The United States and China will be holding their first in-person high-level meeting on March 18 in Alaska, and United States will be dealing with China “from a position of strength,” US Department of State spokesperson Ned Price said on March 11.
“I think the predicate speaks to the ways in which we plan to engage Beijing from a position of strength,” Price said.
The State Department spokesperson said the sources of US strength are its alliances and partnerships, multilateral institutions, values, and domestic strength.
“Calls to our treaty allies in the Indo-Pacific were some of the first that the Secretary made upon his confirmation,” he said.
He said US Secretary of State Antony Blinken “is traveling to the Indo-Pacific to meet in person with our treaty allies, the Japanese and the South Koreans, primarily because we know that our global system of alliances and partnerships is, again, a core source of strength.”
“The military might call our partnerships and alliances force multipliers. We call them necessary. We call them imperative to achieve not only our interest to stand up not only for our values but to achieve common interests and to stand up for universal values and universal rights,” he added.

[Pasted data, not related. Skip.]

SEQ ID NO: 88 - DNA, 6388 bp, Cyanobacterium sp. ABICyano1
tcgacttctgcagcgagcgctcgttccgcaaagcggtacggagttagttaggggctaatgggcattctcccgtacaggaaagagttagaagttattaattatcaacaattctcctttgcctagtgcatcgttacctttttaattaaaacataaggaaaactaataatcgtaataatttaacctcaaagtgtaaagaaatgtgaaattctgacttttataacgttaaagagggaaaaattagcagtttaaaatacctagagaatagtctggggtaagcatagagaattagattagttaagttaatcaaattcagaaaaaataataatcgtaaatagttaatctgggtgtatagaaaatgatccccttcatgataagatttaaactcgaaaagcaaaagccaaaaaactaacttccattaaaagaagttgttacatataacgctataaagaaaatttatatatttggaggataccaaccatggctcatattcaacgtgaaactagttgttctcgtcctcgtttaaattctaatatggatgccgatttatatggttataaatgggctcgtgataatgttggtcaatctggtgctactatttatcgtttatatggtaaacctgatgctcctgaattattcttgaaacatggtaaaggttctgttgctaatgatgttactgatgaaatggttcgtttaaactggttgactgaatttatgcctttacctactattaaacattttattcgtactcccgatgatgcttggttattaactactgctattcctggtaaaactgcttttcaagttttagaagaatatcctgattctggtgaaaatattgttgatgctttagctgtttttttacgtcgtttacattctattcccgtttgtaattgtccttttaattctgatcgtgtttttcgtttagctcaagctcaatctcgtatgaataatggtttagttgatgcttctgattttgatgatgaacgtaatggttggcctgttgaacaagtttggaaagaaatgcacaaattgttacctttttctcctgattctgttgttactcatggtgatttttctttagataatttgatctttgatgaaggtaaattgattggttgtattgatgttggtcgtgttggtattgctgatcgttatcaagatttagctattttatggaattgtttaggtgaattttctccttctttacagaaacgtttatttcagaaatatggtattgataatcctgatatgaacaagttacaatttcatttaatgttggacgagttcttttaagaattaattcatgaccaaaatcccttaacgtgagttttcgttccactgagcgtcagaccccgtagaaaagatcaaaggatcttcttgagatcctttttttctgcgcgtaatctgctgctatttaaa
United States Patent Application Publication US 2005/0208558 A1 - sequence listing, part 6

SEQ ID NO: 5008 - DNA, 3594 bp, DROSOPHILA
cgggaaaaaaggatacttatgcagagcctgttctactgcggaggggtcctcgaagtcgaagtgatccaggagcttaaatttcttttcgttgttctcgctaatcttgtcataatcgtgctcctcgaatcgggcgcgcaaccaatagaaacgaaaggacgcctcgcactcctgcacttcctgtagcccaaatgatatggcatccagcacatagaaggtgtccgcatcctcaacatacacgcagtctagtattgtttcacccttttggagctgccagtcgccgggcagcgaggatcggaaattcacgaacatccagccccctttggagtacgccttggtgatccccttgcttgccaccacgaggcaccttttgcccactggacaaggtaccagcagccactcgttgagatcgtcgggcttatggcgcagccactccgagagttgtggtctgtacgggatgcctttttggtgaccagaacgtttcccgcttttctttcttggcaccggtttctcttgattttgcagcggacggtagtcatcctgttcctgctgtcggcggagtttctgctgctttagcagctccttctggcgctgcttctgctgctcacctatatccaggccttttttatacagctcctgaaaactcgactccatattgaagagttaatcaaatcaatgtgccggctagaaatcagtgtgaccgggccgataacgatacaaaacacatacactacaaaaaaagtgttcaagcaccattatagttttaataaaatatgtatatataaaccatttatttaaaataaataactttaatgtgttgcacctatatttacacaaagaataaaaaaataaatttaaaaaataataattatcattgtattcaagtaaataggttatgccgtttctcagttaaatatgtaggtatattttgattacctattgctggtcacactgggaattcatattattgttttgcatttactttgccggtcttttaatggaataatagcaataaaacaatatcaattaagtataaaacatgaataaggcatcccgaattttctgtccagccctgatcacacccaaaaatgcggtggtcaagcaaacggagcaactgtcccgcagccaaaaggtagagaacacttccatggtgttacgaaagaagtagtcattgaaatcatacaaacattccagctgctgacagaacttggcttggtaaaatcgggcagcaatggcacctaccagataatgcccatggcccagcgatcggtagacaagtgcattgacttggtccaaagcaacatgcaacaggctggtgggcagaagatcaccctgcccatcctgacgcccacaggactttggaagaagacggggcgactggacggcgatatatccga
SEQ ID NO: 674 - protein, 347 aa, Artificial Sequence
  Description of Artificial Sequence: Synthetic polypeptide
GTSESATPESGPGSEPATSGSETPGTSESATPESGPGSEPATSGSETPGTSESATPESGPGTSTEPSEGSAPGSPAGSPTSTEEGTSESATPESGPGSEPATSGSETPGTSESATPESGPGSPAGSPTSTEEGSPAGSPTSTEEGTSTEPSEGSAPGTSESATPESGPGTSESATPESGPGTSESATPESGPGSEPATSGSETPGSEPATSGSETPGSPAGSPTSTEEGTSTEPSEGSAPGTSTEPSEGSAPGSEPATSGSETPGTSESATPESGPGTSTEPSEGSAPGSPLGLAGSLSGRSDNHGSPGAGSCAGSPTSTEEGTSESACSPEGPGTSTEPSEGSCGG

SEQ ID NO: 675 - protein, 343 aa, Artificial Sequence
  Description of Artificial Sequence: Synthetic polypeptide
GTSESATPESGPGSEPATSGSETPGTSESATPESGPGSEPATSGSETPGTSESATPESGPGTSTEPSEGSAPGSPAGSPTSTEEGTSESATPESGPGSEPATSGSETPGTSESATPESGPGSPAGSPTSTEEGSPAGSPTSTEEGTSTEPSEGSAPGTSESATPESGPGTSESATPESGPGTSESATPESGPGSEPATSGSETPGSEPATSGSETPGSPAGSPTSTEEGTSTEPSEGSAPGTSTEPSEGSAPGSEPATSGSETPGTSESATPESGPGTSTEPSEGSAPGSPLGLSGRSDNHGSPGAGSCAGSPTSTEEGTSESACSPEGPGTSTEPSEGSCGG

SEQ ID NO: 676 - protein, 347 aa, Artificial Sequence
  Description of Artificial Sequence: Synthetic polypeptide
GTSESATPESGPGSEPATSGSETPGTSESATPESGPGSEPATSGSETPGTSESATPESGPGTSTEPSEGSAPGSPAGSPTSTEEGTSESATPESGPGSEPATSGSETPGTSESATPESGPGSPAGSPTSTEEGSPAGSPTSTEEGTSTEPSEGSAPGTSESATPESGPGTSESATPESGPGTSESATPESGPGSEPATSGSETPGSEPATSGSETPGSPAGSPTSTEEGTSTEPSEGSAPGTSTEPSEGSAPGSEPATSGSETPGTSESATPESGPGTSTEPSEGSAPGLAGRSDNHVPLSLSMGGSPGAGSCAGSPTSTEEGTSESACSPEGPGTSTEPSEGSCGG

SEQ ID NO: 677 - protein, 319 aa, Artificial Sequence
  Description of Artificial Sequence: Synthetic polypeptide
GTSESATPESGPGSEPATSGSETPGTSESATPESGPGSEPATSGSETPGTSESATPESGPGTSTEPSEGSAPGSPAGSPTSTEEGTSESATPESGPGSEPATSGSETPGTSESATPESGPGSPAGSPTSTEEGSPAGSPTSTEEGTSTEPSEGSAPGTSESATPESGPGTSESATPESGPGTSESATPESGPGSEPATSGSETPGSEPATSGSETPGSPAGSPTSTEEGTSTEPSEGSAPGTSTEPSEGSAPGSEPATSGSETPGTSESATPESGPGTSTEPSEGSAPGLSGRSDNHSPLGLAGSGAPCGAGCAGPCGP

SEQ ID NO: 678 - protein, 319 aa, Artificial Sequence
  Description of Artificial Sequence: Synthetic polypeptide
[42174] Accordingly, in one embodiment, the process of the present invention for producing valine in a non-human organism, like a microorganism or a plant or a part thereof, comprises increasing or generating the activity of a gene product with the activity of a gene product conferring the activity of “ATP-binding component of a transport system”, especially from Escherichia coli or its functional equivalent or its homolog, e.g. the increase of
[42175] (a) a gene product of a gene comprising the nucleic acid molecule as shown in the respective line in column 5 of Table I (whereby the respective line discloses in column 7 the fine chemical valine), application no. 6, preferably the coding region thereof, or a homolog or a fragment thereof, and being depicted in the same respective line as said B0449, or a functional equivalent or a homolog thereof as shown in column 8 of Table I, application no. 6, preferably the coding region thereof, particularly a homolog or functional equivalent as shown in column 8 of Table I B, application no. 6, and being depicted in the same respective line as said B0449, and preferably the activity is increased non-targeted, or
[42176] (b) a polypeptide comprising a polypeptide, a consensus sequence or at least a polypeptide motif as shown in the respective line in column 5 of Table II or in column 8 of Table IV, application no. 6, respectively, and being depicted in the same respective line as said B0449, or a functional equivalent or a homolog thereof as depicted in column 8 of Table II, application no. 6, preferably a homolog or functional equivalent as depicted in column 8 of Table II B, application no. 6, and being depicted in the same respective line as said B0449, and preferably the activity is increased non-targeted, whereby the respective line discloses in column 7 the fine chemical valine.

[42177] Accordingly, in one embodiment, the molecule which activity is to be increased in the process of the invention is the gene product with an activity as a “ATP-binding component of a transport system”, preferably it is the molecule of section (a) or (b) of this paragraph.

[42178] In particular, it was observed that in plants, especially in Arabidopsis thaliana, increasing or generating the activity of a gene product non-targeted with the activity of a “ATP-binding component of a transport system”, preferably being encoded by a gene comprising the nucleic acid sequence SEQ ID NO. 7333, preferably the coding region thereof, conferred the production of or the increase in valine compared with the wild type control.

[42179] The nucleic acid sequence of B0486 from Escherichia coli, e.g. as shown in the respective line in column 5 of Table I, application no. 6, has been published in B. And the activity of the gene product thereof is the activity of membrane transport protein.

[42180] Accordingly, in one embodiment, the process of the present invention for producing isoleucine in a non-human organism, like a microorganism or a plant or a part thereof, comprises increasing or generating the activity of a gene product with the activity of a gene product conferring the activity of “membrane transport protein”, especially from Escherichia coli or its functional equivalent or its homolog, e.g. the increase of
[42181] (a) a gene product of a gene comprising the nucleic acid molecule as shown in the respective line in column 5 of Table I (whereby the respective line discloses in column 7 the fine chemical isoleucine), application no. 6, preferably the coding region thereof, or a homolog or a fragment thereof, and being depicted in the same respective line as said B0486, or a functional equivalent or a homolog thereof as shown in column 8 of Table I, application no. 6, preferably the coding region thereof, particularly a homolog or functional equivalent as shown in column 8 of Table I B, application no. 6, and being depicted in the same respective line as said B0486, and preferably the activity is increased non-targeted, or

Price also said that “our values, which we also consider a key source of strength. We have consistently and oftentimes in harmony with our allies and partners spoken up in defense of our allies and to condemn the PRC’s affronts to many of these shared and even universal values, whether that’s in Xinjiang, whether that’s in Hong Kong – as a moment ago – whether that’s in Taiwan.”
“And fourth, our domestic strength. The administration has taken steps to strengthen our own house, recognizing that our strength on the world stage is directly tied to our strength at home, our supply chains.” he said.